The frequency excision capability of the system against narrowband or continuous-wave jammers will depend primarily on the sampling resolution and dynamic range of the analog-to-digital converters, as well as the processing power available. The software-radio approach to radio-based navigation receivers now permits the use of fast Fourier transforms (FFTs) for acquisition, multipath mitigation, and narrowband frequency excision. While the depth of the narrowband (continuous-wave) CW null depends on the ADC resolution, the width of the null depends on the number of FFT bins and the signal bandwidth. For example, a 45 dB CW null depth and a 0.4% null width are achievable with 10-bit accuracy and a 256-bin FFT. Narrower null widths are desirable in order to reduce the negative effects of the notch filter on the radio signal. However, narrower null widths require more FFT bins which require more processing power. Swept CW jammers require additional processing in order to track the swept signal. Hence, the CW nulling accuracy and the number of simultaneous CW nulls will be limited by the available processing power. Nonetheless, the embodiment shown in FIG. 2 is compatible with existing time-based and frequency-based methods of frequency excision and is independent of the specific implementation.
  • [0129]
    Given the basic measurements 35 of front-end receiver processor 24, the primary function of the back-end processor 25 is to estimate the platform PVAT 6. Another one of its functions is to provide feedback to the front-end receiver processor 25 in the form of the broadband performance metric signal 32 (W1) and the wideband performance metric signal 33 (W2). Broadband and wideband performance metrics may include a bit error rate (BER), or some other quality-of-service (QoS) signal including, but not limited to, signal-to-noise ratio, signal-to-interference-plus-noise ratio, carrier-to-noise ratio (C/N0) or jammer-to-noise ratio (J/N). The metrics may be a discrete state or mission time that is used to select between a set of fixed weights in the interference suppression module 21 and/or the frequency excision module 22. It is clear that the specific set of performance metric signals chosen will depend on the application. We also note that the separation of the front-end processor and the back-end processor blocks is artificial and is meant only as a tool for simplifying the general discussion. Clearly all the processing can be done on a single chip or on multiple chips.
  • Coherent Correlation Module
  • [0130]
    The final component of the front-end receiver processor 24 is the correlation module 26. The primary purpose of the correlation module 26 is to perform coherent processing on the signals-of-interest and to obtain the set of basic measurements 35. The specific algorithms and methods used for coherent processing will depend on the signal structure of the signals-of-interest and on the application. FIG. 25 illustrates a generic correlation architecture used in single-input GPS receivers. Most all GPS receivers on the market today are single-input receivers. Multi-input GPS receivers require multi-element, multi-aperture array antennas. Any number of designs can be implemented with the architecture illustrated in FIG. 25 including loosely-coupled, tightly-coupled and ultra-tightly (deeply) coupled GPS systems. In general, the correlation module coherently extracts unique channels of information embedded within an input signal 31 a (S). For example, each GPS satellite signal is assigned a unique pseudo-random noise (PRN) code sequence and can be separated from all other satellite signals by coherently applying the PRN sequence to the input signal 31 a (S). Hence, as indicated by the ith signal channel 41 a in FIG. 25 the input signal 31 a (S) is split into multiple information channels i=0, 1, . . . , s, corresponding to the number of visible satellites in the sky (s).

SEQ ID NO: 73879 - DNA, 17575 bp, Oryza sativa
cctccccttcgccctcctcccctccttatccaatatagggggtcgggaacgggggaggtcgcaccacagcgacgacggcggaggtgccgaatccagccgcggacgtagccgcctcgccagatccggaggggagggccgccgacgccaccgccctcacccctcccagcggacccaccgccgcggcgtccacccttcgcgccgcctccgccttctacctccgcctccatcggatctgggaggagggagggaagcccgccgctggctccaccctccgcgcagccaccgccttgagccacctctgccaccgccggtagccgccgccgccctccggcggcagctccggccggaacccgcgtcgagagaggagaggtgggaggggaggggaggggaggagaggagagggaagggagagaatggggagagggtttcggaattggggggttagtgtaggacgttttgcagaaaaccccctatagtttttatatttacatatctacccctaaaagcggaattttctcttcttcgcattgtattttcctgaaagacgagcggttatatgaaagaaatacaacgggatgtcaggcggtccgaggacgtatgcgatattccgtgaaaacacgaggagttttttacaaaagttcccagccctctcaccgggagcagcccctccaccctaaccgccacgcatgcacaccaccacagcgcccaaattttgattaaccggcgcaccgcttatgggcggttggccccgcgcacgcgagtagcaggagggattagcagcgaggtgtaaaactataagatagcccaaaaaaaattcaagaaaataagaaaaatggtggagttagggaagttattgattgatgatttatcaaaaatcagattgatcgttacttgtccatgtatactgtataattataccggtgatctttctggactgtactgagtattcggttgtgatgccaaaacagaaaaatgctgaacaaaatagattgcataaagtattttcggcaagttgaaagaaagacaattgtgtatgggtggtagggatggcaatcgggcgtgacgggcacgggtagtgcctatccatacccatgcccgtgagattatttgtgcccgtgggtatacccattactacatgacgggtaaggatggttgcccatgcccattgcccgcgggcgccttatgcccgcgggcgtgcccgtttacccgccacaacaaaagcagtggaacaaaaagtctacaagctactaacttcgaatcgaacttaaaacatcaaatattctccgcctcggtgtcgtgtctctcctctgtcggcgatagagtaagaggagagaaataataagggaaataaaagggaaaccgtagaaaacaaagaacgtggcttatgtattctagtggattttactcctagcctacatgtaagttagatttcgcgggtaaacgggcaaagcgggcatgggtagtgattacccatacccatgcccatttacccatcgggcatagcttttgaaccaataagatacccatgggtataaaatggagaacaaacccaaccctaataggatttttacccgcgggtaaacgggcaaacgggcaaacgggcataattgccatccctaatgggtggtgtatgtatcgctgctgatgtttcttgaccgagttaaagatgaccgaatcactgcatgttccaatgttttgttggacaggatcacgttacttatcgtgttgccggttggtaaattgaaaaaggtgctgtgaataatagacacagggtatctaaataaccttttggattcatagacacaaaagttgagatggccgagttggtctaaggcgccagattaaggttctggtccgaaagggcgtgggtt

• [0131]
    The signal processing of each information channel is identical and comprises a carrier-tracking loop and a code-tracking loop. Carrier wipeoff (removal) is achieved by mixing/multiplying 42 the input signal 31 a (S) with an in-phase (cosine) replica of the IF sinusoidal carrier signal 54 and applying a low-pass filter on the result, yielding a carrier-free in-phase signal 55 (IS). A carrier-free quadrature-phase (sine) signal 56 (QS) is generated by applying a 90° phase-shift 43 to the replica of the IF sinusoidal carrier signal 54 and mixing/multiplying 44 the result with the input signal 31 a (S).
  • [0132]
    In loosely coupled systems a numerically controlled oscillator (NCO) 38 for the carrier-tracking loop is typically driven by the carrier-free in-phase signal 55 (IS) and its complement, the carrier-free quadrature-phase signal 56 (QS). A code-generator 39 generates ‘early’ 48 (E), ‘prompt’ 49 (P), and ‘late’ 50 (L) copies of the GPS PRN sequence/code Ĉk,m, where k corresponds to the time epoch, and correlates them with the carrier-free in-phase signal 55 (IS) and carrier-free quadrature-phase signal 56 (QS), both of which contain the actual satellite PRN sequence Ck. The index m=(−1, 0, 1) in Ĉk,m corresponds to early, prompt, or late correlation. The early correlator sequence 48 usually leads the prompt sequence 49 by half a chip while the late sequence 50 lags by half a chip. The actual number of correlators and the magnitude of the lead/lag separation depend on the available processing power. The ideal correlation function ηk,m is defined as